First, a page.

tions, ver. 238, &c. How usefully these are distributed to all orders of men, ver. 241. How useful they are to society, ver. 251. And to individuals, ver. 263. In every state; and every age of life, ver. 273, &c.

ARGUMENT OF EPISTLE III.

Of the Nature and State of Man, with respect to Society.

I. THF whole Universe one system of society, ver. 7, &c. Nothing made wholly for itself, nor yet wholly for another, ver. 27. The happiness of animals mutual, ver. 49. II. Reason or instinct operates alike to the good of each individual, ver. 79. Reason or instinct operates also to society, in all animals, ver. 109. III. How far society is carried by instinct, ver. 115. How much farther by reason, ver. 128. IV. Of that which is called the state of nature, ver. 144. Reason instructed by instinct in the invention of arts, ver. 166, and in the forms of society, ver. 176. V. Origin of political societies, ver. 190. Origin of monarchy, ver. 207. Patriarchal government, ver. 212 VI. Origin of true religion and government, from the same principie of love, ver. 231, &c. Origin of superstition and tyranny, from the same principle of fear, ver. 237. &c. The influence of self-love operating the social and public good, ver. 266. Restoration of true religion and government on their first principle, ver. 285. Mixt govern. ment, ver. 288. Various forms of each, and the true end of all, ver, 300, &c.

ARGUMENT OF EPISTLE IV.

Of the Nature and State of Man, with respect to Happiness

I. FALSE notions of Happiness, philosophical and popular, answered from ver. 19 to 27. II. It is the end of all men, and attainable by all, ver. 30. God intends happiness to be equal; and to be so, it must be social, since all particular 'happiness depends on general, and since he governs by general, not particular laws, ver. 37. As it is necessary for order, and the peace and welfare of society, that external goods should be unequal, happiness is not made to consist in these, ver. 51. But notwithstanding that inequality, the balance of happiness among mankind is kept even by Providence, by the two passions of hope and fear, ver. 70. III. W the happiness of individuals is, as far as is consistent with the constitution of this world ; and that the good man has here the advantage, ver. 77. The error of imputing to virtue what are only the calamities of nature, or of fortune, ver. 94. IV. The folly of expecting that God should alter his general laws in favour of particulars, ver. 121. V. That we are not judges who are good; but that whoever they are, they must be happiest, ver. 133, &c. VI. That exterial goods are not the proper rewards, but often inconsistent with, or destructive of, virtue, ver. 167. That even these can make no man happy without virtue : Instanced in riches, ver. 183. Honours, ver. 193. Nobility, ver. 205. Greatness, ver. 217. Fame, ver. 237. Superior talents, ver. 259, &c. With pictures of human infelicity in men pog. "sessed of them all, ver. 269, &c. VII. That virtue only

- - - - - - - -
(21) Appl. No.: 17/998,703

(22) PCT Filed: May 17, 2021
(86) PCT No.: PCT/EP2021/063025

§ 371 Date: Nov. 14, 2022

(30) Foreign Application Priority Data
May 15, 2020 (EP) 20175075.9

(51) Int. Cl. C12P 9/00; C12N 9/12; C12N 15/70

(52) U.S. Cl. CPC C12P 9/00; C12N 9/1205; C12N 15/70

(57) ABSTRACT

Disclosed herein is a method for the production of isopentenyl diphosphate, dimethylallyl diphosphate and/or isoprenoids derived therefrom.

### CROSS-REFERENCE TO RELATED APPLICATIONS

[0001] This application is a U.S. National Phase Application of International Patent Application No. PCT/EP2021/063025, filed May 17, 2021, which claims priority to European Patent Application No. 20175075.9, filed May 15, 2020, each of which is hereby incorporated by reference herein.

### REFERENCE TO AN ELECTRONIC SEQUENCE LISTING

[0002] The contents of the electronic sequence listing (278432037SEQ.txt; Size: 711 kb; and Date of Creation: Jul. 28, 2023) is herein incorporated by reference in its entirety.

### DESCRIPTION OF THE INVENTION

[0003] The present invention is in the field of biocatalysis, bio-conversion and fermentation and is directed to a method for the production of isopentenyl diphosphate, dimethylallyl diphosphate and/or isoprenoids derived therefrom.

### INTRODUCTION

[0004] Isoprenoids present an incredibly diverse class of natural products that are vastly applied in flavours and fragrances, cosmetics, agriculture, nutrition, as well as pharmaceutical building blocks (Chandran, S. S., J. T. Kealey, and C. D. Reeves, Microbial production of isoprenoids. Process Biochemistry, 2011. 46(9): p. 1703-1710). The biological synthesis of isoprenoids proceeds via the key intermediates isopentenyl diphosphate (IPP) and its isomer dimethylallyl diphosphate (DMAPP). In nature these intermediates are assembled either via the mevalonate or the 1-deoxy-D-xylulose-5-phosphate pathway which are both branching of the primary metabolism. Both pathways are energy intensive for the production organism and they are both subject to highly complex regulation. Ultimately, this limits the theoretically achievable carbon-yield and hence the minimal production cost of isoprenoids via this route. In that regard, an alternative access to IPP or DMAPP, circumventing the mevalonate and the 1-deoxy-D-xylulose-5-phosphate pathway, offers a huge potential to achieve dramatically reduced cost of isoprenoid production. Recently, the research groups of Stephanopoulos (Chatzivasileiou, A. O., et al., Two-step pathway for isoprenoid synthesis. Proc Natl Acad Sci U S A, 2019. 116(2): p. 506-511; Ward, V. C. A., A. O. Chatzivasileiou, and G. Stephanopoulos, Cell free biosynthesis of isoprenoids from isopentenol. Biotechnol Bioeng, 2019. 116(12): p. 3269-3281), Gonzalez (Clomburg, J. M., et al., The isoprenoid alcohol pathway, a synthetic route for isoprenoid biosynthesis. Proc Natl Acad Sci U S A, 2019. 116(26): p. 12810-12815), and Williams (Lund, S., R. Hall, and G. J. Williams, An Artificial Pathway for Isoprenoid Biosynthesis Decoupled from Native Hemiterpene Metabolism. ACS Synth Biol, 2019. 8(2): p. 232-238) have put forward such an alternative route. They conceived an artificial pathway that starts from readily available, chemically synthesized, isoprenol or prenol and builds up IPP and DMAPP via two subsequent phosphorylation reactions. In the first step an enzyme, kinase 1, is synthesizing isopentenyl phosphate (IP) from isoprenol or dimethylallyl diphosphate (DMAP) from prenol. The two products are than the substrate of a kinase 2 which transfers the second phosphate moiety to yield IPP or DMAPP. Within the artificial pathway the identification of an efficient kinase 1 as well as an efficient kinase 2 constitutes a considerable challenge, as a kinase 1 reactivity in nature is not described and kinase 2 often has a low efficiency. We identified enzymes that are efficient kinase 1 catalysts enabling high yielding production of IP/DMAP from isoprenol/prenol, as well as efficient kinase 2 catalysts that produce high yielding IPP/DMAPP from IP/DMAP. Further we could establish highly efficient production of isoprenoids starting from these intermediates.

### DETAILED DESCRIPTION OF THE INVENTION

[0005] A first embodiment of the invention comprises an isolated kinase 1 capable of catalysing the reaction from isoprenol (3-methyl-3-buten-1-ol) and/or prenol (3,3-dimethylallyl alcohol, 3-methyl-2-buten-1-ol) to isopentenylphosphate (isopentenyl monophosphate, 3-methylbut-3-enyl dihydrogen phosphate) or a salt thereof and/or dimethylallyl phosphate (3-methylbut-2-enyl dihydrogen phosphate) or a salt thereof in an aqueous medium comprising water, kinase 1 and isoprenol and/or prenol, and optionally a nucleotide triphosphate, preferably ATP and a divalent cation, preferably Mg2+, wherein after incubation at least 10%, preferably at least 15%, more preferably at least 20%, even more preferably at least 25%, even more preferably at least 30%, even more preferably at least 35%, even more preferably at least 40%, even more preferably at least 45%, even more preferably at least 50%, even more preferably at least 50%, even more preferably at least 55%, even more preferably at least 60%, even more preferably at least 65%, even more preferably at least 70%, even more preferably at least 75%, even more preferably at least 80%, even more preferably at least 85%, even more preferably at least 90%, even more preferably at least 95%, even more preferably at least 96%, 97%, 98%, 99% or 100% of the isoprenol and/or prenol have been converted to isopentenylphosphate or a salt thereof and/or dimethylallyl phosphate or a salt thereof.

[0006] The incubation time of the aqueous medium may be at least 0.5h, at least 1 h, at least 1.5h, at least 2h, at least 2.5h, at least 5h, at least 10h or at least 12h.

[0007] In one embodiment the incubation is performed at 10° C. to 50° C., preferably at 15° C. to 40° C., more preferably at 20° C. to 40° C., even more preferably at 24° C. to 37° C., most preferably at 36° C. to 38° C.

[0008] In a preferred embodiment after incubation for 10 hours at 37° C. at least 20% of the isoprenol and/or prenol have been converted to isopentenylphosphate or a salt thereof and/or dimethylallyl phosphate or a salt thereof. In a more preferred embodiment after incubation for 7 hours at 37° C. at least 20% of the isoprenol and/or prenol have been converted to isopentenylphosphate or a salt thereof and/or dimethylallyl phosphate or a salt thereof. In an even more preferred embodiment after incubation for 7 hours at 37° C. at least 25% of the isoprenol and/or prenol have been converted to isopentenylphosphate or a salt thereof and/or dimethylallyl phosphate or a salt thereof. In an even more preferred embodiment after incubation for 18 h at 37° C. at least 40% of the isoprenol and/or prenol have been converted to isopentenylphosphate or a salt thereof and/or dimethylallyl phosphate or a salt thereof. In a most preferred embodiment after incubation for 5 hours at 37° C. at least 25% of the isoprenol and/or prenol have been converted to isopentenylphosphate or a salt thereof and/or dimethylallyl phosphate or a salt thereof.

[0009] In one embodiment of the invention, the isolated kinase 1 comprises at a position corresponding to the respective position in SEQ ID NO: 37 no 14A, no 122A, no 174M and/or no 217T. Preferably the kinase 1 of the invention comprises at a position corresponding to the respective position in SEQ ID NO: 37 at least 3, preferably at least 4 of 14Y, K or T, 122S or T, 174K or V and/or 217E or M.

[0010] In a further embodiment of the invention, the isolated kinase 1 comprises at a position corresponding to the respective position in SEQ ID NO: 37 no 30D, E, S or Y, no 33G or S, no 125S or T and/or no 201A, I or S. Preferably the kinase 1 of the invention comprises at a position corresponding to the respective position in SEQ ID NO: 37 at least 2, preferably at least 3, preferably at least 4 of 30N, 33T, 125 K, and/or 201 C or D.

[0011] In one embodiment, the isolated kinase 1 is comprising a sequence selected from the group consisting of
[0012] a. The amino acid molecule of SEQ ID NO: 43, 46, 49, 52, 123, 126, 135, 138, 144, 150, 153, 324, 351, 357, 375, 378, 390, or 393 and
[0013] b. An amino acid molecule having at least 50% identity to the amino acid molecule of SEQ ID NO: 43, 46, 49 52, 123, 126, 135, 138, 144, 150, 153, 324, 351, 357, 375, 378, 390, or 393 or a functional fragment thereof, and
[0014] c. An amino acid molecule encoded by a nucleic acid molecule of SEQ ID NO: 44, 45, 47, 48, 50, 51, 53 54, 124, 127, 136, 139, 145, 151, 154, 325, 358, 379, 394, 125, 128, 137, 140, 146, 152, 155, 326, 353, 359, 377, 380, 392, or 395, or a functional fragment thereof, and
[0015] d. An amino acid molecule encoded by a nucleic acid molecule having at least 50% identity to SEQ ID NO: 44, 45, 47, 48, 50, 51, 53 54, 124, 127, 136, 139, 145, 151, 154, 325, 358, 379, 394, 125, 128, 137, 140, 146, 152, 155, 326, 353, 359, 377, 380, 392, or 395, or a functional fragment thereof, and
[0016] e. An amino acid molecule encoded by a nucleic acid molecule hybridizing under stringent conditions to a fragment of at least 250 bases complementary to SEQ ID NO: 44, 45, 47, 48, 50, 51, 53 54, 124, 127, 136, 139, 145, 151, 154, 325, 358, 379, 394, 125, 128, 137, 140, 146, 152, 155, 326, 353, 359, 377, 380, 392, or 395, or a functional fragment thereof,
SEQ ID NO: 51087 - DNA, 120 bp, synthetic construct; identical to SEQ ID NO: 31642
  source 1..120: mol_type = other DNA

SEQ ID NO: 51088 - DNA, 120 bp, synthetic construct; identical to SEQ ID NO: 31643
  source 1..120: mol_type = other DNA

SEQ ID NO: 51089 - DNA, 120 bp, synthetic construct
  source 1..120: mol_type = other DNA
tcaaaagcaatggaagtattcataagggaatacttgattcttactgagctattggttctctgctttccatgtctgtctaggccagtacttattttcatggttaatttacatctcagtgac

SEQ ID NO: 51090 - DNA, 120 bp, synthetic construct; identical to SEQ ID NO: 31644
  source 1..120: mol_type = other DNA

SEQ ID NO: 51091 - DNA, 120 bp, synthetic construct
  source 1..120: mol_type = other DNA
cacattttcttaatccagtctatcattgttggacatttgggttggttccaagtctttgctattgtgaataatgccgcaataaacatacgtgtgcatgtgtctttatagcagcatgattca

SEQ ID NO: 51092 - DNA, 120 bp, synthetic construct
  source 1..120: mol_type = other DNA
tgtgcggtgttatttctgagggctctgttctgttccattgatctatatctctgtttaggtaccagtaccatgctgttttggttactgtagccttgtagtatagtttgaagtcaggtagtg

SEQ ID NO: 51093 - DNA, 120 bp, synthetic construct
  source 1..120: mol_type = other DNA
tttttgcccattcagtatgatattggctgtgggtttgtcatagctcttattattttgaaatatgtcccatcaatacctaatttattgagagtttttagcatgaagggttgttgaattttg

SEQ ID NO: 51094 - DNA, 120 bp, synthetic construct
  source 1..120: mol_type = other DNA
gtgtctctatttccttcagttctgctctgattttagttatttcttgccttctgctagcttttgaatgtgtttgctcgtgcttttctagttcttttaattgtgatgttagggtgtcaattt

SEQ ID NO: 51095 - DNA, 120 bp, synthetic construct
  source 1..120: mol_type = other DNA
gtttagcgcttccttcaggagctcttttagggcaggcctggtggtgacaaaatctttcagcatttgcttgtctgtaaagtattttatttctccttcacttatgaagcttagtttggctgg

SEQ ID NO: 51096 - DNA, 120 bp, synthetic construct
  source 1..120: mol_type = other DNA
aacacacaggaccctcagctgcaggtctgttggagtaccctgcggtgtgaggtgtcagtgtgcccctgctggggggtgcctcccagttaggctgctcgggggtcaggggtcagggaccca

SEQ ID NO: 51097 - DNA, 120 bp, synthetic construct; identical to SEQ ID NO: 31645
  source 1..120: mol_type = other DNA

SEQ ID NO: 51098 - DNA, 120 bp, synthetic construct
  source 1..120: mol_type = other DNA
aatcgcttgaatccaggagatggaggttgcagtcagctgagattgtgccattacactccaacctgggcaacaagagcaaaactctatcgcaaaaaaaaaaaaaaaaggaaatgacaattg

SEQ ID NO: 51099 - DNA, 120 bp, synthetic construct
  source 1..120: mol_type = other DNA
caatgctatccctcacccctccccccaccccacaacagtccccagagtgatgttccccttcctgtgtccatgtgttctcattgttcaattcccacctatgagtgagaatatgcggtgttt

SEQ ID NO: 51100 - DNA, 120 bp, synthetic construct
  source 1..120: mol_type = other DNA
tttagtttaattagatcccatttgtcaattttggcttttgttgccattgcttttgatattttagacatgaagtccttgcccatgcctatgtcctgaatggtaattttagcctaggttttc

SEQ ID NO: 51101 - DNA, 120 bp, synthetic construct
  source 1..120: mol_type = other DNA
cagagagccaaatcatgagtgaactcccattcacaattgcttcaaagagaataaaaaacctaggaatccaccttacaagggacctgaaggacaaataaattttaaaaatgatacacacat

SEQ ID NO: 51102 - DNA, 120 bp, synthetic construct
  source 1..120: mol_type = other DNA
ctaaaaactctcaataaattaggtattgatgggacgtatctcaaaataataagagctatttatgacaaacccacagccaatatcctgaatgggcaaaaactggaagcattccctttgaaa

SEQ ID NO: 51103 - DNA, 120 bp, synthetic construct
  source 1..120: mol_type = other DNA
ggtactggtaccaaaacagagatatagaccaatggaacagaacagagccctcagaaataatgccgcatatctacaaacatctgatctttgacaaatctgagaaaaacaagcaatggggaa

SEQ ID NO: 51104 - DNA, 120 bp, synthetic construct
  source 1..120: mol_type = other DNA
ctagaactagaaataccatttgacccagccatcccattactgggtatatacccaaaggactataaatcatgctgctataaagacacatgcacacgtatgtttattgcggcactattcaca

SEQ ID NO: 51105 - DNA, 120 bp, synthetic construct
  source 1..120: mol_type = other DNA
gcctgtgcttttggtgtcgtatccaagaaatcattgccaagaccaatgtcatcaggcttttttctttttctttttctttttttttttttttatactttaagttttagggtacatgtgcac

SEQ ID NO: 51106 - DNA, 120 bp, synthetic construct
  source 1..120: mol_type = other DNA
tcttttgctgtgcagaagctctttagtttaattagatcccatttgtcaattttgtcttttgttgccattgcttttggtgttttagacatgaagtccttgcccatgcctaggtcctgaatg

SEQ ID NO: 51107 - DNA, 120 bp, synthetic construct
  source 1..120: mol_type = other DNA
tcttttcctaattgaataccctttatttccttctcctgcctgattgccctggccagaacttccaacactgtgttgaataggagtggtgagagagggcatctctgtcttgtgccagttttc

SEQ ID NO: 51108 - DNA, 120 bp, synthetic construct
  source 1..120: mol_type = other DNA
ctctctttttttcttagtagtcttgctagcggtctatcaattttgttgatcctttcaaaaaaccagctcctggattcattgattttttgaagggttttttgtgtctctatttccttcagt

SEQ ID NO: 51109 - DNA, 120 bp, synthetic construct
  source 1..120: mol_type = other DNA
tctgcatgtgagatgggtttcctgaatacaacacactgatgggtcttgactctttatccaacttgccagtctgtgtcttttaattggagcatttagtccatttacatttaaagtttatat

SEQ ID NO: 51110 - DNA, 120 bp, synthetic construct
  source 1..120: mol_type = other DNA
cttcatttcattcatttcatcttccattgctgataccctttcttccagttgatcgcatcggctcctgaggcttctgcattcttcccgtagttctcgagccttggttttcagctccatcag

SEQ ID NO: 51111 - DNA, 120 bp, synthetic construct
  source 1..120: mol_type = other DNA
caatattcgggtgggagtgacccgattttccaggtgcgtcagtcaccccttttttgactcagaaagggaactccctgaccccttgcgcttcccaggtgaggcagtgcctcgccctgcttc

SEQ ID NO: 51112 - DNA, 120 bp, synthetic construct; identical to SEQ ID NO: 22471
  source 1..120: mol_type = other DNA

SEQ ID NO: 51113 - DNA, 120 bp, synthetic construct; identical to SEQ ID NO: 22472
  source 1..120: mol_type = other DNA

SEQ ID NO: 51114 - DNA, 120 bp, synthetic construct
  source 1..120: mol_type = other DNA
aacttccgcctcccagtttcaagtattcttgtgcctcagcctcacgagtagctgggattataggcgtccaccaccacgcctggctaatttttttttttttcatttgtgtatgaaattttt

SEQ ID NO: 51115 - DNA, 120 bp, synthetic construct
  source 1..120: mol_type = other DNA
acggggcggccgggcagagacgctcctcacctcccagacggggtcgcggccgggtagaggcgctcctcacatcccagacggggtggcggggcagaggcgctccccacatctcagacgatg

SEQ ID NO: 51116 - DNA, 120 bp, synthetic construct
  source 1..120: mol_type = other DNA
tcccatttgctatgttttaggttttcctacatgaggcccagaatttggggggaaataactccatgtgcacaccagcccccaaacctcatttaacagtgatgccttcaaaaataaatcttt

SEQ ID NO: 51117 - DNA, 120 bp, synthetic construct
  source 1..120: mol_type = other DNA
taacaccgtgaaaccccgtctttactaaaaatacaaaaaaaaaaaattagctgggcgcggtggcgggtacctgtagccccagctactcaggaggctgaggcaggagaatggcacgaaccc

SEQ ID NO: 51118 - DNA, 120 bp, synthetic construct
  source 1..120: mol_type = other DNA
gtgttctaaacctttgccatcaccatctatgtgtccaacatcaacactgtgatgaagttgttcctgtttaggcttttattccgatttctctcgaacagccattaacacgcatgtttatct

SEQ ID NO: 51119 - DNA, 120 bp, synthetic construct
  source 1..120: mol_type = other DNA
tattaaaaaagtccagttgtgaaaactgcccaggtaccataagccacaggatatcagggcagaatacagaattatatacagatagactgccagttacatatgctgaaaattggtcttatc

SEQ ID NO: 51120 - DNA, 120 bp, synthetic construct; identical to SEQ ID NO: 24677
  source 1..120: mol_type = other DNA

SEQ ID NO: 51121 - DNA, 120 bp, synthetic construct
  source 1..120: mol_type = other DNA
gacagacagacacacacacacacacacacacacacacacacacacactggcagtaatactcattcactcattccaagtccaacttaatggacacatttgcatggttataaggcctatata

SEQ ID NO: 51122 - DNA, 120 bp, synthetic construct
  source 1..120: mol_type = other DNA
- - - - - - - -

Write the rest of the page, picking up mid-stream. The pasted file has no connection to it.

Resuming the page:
constitutes a happiness whose object is universal, and whose prospect eternal, ver. 309. That the perfection of Virtue and Happiness consists in a conformity to the order of Providence here, and a resignation to it here and hereafter, ver. 326.